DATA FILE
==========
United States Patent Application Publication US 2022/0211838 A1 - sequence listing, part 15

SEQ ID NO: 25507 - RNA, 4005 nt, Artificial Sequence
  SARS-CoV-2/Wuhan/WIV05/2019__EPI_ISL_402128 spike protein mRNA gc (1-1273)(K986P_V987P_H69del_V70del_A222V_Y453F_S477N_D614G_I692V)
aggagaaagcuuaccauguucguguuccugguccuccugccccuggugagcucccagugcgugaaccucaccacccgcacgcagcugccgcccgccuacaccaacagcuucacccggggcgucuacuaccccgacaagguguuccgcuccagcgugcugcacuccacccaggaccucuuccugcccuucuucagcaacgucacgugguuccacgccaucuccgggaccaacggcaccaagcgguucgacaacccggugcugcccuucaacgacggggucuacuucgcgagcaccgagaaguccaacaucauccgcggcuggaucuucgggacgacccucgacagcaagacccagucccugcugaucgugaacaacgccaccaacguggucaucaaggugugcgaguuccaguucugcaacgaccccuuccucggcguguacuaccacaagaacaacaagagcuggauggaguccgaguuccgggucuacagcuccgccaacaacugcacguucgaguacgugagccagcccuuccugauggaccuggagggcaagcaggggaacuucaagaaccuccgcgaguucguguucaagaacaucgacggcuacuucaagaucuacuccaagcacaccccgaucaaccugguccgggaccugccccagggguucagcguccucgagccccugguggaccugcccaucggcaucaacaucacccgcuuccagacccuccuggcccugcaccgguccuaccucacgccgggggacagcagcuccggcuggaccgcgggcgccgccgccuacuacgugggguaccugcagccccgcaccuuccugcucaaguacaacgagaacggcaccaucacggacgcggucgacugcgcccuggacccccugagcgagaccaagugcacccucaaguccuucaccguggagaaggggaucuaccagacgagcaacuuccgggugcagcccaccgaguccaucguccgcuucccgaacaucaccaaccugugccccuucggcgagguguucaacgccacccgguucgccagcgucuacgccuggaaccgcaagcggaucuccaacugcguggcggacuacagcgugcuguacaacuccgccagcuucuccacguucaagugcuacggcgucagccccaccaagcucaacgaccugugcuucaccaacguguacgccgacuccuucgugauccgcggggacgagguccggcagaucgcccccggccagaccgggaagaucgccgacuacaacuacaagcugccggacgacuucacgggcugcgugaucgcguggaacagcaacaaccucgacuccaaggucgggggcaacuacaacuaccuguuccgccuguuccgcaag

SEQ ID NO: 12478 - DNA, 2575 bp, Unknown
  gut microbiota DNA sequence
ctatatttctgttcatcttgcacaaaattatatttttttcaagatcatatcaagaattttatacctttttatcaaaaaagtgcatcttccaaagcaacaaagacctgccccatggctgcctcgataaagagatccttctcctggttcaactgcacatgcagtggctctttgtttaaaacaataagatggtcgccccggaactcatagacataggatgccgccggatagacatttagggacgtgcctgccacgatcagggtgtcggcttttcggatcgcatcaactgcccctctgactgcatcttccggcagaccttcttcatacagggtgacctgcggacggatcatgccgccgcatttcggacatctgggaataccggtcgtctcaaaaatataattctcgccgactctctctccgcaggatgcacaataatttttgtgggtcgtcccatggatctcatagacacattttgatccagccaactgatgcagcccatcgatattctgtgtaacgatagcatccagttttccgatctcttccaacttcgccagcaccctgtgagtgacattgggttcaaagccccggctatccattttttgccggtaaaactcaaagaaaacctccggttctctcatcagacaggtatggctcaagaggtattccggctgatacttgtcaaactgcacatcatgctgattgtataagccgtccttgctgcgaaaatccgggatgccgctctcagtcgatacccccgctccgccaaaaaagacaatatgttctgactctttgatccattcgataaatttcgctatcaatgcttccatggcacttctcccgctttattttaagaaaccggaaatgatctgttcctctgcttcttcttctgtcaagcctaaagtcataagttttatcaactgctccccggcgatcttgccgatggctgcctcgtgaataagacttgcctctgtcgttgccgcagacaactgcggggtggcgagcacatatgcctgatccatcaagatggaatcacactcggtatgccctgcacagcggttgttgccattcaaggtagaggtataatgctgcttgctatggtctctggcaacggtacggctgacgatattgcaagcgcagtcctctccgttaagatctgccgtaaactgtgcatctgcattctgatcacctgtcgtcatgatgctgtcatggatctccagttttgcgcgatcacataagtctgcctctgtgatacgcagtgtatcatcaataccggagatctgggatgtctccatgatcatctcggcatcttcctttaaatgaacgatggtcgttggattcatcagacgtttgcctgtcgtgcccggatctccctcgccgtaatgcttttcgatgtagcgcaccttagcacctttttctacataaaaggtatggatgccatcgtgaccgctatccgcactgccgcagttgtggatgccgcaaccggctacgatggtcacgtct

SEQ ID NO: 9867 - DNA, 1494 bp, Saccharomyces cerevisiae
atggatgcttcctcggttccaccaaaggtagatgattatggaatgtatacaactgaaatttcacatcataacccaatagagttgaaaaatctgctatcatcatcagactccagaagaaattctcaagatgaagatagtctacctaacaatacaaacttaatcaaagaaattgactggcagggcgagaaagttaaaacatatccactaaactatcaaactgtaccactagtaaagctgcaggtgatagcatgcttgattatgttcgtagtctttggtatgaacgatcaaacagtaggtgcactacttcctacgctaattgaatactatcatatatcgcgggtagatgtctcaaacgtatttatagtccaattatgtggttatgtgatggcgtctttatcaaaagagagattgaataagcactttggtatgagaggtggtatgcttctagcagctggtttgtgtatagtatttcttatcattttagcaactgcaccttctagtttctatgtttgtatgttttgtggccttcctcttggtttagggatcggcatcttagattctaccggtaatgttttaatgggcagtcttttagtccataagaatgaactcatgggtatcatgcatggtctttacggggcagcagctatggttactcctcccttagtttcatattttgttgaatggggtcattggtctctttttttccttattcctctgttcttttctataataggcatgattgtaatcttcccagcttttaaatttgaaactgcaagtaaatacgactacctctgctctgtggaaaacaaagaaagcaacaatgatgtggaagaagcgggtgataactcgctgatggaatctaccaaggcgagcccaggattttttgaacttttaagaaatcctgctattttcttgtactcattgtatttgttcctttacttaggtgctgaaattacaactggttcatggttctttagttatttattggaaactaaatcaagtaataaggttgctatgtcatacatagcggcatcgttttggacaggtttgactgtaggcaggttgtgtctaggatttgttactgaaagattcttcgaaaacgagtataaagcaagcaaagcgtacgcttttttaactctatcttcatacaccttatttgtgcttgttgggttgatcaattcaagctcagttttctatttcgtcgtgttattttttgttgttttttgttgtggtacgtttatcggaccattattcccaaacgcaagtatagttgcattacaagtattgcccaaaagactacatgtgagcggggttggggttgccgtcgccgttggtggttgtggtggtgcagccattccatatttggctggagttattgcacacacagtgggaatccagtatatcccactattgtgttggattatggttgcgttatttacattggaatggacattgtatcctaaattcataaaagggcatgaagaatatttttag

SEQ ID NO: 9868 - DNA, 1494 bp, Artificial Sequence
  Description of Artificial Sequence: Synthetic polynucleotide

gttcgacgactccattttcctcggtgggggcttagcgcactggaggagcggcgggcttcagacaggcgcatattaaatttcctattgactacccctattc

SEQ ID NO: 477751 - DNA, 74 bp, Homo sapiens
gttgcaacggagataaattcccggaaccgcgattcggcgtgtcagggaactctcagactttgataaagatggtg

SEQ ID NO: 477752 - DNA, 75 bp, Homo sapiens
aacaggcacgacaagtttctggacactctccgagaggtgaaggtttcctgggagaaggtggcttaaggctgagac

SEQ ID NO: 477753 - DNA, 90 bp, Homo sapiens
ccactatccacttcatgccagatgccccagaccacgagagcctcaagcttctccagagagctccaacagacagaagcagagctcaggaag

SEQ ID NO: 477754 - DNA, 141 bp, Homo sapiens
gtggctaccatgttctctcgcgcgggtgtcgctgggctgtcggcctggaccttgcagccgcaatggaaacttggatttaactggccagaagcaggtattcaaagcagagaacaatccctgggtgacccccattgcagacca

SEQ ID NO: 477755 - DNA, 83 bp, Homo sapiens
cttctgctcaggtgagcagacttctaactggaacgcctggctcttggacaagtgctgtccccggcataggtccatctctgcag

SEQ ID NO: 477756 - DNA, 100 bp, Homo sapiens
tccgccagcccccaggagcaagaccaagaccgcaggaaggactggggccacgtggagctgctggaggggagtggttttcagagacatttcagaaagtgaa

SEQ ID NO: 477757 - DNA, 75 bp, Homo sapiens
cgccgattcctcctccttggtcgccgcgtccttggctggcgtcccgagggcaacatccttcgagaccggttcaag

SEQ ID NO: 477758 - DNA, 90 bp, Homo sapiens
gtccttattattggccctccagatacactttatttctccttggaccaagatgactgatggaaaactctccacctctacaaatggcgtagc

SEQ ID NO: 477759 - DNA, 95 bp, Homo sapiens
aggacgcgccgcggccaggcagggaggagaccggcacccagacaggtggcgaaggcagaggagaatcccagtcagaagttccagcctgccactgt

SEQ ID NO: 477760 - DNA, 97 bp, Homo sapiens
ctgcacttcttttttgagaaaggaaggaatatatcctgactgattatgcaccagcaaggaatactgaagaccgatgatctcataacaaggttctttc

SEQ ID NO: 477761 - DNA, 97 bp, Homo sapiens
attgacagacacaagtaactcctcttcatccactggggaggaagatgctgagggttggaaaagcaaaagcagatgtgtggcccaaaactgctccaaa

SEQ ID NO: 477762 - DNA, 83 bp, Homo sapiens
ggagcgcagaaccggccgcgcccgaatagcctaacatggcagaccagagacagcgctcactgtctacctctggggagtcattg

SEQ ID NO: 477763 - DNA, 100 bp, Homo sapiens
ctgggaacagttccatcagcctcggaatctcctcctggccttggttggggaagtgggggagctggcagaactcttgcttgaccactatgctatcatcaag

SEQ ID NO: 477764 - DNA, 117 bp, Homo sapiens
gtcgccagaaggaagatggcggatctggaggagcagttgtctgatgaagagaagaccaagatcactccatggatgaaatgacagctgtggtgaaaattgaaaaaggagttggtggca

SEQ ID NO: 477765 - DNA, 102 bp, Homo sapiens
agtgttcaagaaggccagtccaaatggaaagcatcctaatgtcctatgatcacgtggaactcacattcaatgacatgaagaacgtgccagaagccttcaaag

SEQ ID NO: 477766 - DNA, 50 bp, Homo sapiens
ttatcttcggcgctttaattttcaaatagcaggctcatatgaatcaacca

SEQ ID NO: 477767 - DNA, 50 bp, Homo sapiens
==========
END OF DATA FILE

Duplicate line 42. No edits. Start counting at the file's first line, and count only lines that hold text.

agtgttcaagaaggccagtccaaatggaaagcatcctaatgtcctatgatcacgtggaactcacattcaatgacatgaagaacgtgccagaagccttcaaag